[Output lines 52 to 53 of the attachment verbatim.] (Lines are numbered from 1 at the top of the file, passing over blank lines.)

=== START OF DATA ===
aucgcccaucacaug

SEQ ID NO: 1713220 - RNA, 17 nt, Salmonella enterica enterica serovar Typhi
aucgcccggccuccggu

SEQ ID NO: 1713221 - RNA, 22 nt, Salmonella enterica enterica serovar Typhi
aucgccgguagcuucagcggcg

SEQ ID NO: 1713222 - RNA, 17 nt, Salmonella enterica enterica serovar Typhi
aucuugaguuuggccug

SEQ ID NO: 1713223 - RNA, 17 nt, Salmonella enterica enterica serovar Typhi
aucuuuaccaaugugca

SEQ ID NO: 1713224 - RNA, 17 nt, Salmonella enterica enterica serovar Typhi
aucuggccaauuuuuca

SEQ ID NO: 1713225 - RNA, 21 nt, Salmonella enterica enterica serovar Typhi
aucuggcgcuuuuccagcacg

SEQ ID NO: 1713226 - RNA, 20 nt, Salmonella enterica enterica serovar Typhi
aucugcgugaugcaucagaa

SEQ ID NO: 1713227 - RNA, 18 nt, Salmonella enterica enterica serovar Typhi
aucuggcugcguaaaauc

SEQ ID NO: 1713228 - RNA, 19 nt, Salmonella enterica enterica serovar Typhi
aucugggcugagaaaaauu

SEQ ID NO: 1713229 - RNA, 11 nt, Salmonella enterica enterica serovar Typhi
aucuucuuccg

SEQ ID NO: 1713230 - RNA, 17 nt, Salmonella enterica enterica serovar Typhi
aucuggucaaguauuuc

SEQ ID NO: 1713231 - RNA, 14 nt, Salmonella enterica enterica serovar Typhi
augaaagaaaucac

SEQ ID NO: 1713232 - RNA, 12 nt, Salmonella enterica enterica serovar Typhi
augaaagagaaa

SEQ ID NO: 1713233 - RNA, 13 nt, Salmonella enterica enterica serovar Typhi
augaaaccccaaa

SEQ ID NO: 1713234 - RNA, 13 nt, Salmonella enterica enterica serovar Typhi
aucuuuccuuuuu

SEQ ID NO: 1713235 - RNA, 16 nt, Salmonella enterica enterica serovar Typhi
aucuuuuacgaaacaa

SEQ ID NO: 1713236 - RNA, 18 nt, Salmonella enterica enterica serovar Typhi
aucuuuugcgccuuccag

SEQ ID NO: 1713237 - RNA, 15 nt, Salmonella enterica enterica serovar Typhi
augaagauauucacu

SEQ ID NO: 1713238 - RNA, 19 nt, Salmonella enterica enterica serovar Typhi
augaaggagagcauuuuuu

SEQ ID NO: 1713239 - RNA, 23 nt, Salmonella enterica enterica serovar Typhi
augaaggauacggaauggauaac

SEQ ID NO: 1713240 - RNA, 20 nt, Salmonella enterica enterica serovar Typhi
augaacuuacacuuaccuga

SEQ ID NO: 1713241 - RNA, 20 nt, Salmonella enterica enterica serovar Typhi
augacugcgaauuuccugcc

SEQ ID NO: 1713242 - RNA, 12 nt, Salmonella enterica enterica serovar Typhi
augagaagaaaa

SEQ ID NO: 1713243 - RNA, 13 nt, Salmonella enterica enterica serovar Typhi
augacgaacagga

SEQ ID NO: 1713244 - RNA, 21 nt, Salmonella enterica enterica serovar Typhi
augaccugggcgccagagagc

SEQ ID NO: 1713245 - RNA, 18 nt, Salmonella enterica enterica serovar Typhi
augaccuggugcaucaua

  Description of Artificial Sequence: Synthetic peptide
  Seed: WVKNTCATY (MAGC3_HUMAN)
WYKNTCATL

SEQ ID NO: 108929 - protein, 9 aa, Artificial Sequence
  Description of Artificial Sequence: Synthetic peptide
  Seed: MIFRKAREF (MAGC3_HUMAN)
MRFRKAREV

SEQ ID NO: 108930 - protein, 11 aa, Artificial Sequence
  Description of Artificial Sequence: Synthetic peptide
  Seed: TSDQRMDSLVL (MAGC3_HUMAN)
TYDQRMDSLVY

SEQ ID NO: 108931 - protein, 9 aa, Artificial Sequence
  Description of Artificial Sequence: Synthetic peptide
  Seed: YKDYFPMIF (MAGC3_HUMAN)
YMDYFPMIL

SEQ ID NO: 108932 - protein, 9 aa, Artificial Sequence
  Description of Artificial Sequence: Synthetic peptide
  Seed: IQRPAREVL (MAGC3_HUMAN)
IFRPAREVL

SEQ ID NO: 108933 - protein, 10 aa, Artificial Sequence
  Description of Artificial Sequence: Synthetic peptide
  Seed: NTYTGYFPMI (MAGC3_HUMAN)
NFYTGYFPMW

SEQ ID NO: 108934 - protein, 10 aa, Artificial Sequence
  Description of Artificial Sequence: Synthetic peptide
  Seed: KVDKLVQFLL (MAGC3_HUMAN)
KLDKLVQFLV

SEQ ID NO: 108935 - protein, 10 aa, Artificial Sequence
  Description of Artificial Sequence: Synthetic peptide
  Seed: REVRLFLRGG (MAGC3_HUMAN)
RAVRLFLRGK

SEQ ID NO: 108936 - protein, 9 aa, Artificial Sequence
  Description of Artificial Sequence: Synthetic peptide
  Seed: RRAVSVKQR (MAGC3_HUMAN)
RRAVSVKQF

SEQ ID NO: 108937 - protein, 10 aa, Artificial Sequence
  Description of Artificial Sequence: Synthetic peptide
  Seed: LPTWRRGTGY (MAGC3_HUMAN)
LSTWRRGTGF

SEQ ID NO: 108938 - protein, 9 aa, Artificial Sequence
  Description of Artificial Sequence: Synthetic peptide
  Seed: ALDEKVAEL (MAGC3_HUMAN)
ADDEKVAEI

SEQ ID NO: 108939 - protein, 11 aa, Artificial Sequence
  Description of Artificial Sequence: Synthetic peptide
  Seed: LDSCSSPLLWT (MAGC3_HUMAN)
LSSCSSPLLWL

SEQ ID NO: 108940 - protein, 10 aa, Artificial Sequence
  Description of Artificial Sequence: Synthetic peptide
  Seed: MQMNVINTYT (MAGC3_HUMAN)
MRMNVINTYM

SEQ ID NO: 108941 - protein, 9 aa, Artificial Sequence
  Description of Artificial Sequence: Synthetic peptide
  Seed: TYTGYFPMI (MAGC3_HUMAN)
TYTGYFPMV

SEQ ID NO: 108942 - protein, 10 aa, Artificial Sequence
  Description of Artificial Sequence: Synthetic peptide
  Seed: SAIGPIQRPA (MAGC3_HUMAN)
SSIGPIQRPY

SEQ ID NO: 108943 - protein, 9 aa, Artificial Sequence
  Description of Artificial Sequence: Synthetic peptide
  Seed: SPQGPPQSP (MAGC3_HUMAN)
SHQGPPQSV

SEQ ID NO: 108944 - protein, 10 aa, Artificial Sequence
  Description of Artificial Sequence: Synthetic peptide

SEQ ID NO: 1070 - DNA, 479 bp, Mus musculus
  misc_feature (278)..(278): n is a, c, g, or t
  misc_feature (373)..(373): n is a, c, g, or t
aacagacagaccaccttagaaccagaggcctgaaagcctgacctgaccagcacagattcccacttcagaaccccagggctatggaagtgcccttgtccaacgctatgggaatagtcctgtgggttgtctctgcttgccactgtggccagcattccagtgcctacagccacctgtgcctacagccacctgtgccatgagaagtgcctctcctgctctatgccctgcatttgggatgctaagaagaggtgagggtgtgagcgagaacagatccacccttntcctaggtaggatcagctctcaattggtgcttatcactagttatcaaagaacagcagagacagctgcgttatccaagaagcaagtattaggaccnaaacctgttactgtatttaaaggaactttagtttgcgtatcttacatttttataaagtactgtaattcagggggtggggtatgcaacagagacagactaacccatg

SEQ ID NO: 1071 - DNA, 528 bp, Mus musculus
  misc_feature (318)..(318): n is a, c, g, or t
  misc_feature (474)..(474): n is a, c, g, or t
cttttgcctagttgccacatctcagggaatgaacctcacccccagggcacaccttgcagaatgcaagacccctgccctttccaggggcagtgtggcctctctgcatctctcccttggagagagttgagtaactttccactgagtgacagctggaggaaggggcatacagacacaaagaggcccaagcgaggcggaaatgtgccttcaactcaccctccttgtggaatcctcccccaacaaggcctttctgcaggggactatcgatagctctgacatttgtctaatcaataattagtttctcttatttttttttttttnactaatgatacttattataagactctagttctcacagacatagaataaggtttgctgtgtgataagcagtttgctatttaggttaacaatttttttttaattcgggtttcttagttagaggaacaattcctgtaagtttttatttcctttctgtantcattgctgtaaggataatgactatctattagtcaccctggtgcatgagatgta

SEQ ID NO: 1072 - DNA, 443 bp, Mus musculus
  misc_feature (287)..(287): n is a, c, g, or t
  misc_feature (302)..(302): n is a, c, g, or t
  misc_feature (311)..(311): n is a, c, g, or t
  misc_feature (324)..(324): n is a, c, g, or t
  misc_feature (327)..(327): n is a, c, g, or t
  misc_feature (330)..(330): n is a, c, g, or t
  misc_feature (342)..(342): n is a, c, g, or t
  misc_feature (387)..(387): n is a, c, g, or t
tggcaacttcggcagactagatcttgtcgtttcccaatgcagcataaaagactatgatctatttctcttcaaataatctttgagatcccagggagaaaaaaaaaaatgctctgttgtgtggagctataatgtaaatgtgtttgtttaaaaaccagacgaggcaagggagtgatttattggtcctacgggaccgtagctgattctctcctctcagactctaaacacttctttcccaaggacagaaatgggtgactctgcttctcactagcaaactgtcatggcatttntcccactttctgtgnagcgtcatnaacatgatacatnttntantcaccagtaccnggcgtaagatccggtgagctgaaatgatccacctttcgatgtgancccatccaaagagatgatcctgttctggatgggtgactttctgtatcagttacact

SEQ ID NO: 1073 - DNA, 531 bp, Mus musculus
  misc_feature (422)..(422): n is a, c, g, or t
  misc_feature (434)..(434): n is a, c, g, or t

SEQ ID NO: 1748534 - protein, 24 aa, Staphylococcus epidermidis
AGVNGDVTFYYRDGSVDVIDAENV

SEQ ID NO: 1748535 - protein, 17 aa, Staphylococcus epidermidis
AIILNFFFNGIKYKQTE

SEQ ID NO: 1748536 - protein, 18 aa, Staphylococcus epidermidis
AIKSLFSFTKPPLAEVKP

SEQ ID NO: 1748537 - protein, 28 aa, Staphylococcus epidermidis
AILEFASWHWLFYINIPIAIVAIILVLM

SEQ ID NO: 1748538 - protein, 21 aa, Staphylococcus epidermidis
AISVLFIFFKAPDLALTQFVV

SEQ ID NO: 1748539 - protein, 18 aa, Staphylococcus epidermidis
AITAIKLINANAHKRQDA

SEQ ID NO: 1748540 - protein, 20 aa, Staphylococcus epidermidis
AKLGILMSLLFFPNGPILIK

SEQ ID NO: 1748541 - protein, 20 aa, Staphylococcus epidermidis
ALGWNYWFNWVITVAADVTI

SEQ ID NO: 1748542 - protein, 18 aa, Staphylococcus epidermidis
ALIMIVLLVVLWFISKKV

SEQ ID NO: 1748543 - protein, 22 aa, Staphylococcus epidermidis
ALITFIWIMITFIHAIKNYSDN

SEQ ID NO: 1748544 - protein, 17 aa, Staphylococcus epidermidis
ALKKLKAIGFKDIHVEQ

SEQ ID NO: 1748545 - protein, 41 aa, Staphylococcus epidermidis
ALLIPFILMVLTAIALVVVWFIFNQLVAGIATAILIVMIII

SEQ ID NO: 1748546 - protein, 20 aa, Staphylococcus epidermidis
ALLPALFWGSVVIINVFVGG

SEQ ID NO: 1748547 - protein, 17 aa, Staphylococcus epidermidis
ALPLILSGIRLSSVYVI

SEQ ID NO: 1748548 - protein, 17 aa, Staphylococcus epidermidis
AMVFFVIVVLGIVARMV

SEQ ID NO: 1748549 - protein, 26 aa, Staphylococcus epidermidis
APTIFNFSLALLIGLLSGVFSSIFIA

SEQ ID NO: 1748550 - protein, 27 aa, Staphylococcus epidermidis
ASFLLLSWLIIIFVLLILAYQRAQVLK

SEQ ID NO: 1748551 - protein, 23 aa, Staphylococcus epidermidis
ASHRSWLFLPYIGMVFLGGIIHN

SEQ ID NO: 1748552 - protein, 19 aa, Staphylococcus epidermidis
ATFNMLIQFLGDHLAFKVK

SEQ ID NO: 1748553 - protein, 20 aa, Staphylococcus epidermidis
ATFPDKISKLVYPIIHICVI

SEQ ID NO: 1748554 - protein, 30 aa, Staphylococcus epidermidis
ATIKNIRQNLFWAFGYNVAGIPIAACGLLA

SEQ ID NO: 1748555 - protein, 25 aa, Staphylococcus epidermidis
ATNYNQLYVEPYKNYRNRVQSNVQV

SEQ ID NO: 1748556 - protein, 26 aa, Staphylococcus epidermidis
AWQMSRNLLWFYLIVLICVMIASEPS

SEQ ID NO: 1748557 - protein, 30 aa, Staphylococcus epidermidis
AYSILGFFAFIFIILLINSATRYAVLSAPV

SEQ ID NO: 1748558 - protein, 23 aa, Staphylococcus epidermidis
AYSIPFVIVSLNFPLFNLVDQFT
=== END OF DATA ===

SEQ ID NO: 1713245 - RNA, 18 nt, Salmonella enterica enterica serovar Typhi
augaccuggugcaucaua